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Van Buskirk v. The United Group of Companies, Inc.

United States Court of Appeals, Second Circuit

August 16, 2019

Bruce A. Van Buskirk and Lori A. Van Buskirk, Plaintiffs-Appellants,
v.
The United Group of Companies, Inc., DCG Funds Management, LLC, DCG/UGOC Funds Management II, LLC, Michael J. Uccellini, Executor of the Estate of Walter F. Uccellini, MCM Securities, LLC, Millennium Credit Markets, LLC, Davis Capital Group, Inc., Jessica F. Steffensen, Executrix of the Estate of Walter F. Uccellini, Defendants-Appellees, Richard W. Davis, Jr., Defendant.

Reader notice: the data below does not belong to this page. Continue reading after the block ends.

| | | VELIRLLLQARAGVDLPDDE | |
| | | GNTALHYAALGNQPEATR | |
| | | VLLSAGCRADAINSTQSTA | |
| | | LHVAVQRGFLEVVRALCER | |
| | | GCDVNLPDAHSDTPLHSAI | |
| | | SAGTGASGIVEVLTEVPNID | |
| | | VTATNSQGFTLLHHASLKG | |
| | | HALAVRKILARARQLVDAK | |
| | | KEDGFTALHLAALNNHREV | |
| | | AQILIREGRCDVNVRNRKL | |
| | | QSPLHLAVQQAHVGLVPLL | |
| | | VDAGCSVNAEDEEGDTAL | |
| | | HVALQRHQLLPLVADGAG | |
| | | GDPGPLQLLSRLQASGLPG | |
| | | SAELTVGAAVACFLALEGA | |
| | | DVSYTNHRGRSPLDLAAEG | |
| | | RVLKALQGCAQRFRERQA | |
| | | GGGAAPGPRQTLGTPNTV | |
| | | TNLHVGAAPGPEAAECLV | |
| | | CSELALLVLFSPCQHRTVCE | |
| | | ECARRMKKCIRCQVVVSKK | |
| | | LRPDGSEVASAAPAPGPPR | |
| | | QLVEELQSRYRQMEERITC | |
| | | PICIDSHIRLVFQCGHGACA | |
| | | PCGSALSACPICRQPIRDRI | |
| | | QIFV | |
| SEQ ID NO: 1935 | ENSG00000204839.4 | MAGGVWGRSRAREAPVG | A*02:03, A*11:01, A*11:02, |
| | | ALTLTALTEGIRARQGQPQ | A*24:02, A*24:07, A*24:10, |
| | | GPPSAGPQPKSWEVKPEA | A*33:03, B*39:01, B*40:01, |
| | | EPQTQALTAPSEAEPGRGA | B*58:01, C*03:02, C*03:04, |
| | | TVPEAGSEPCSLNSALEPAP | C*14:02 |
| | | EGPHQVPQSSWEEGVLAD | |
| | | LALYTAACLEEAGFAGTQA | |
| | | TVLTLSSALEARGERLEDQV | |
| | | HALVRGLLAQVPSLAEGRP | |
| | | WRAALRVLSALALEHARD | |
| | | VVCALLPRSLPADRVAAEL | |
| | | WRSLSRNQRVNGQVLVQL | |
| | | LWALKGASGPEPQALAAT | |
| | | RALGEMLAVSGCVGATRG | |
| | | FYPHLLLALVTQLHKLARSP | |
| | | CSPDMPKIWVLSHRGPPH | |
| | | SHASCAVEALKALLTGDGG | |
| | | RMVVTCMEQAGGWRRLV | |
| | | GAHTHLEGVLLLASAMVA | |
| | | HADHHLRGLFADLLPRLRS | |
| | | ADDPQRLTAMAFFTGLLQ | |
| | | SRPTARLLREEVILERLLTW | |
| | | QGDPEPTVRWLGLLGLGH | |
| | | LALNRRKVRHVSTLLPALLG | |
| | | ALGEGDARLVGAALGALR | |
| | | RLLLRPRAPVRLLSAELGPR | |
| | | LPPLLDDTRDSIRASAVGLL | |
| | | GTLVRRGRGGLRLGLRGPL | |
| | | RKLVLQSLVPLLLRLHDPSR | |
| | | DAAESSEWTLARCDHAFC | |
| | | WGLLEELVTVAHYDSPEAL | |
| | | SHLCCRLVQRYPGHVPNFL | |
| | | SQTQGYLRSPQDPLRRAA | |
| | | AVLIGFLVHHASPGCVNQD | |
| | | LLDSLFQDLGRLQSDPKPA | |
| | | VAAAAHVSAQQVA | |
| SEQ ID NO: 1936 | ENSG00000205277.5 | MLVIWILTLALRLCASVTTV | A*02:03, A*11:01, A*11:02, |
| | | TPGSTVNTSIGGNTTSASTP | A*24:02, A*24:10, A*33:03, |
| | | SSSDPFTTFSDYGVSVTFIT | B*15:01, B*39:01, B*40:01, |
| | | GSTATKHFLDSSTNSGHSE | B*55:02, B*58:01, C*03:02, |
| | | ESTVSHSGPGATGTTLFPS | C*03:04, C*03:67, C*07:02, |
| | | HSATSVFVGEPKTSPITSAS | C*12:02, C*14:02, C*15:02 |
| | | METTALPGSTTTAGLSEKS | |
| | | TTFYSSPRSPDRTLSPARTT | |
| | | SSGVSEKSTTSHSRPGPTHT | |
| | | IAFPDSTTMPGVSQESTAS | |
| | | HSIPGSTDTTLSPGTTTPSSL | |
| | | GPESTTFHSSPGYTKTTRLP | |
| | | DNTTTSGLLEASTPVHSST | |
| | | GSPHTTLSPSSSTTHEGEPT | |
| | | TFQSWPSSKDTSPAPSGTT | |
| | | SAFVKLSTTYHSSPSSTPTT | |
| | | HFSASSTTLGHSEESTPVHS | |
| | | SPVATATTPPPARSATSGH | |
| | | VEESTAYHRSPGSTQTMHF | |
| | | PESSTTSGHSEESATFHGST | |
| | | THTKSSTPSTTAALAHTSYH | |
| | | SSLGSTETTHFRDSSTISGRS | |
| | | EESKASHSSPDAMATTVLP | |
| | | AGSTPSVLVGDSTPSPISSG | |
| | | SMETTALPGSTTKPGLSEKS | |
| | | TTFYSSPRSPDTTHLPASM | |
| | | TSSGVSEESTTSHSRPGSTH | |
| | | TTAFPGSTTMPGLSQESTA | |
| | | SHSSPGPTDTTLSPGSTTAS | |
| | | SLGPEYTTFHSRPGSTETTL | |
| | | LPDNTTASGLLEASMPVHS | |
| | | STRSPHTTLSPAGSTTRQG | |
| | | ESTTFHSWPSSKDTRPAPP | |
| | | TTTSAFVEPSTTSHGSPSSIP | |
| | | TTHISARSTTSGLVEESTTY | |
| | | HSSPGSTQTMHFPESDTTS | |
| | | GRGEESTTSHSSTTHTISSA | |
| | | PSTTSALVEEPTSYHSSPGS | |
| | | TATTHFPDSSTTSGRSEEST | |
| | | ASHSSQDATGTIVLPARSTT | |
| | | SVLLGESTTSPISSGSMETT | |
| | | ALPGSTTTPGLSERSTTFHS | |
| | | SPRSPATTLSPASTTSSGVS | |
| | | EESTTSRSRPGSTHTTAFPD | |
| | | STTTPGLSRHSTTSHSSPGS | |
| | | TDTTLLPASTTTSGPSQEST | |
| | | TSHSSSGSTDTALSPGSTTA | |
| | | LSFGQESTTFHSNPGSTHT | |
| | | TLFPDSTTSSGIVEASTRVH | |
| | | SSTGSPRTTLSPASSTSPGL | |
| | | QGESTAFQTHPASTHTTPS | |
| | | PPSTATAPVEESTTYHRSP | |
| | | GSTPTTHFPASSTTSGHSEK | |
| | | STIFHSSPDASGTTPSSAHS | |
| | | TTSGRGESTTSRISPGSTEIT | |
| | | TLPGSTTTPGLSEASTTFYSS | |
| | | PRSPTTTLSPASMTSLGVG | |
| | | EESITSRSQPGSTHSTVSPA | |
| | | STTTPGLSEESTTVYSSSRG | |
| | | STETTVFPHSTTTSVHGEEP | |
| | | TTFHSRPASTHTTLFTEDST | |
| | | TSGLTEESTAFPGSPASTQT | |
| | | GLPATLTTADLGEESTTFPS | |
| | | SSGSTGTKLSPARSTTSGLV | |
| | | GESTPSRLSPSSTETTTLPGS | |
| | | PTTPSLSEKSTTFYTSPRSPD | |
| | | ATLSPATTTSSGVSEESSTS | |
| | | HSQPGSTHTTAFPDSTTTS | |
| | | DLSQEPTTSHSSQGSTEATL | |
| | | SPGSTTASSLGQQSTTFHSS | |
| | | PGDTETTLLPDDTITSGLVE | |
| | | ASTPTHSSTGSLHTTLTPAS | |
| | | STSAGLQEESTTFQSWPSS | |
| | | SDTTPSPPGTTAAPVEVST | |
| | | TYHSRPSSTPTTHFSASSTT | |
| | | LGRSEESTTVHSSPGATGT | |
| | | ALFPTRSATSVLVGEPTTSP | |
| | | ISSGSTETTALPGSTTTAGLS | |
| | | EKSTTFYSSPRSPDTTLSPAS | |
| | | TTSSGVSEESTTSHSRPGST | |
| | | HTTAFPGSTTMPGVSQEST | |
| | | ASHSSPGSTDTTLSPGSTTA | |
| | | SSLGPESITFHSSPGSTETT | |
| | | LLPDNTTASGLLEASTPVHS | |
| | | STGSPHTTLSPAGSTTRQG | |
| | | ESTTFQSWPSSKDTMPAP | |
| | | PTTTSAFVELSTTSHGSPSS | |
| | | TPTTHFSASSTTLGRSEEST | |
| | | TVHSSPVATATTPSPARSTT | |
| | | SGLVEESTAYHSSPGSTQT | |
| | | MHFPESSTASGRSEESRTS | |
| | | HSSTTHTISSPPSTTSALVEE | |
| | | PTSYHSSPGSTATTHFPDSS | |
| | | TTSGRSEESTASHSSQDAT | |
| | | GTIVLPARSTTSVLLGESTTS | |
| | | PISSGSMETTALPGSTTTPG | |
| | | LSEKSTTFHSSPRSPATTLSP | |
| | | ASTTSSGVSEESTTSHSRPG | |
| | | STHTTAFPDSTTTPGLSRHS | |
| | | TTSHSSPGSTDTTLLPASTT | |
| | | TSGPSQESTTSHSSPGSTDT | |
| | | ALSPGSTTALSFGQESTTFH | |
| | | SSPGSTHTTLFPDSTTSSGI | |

Submitted: April 11, 2019

         Plaintiffs-Appellants appeal from a judgment of the United States District Court for the Northern District of New York (Sharpe, /.) dismissing their claims for lack of subject matter jurisdiction and the district court's subsequent denial of a motion for reconsideration, arguing that the district court failed to consider evidence that the parties were diverse at the time of filing. Because courts may freely permit jurisdictional amendments even at the appellate level, we vacate the judgment of the district court and remand for further proceedings consistent with this opinion.

          Gary A. Gotto, Keller Rohrback L.L.P., Phoenix, Arizona and David J. Ko, Keller Rohrback L.L.P., Seattle, Washington, for Plaintiffs-Appellants.

          Michael B. de Leeuw & Tamar S. Wise, Cozen O'Connor, New York, New York, for Defendants-Appellees.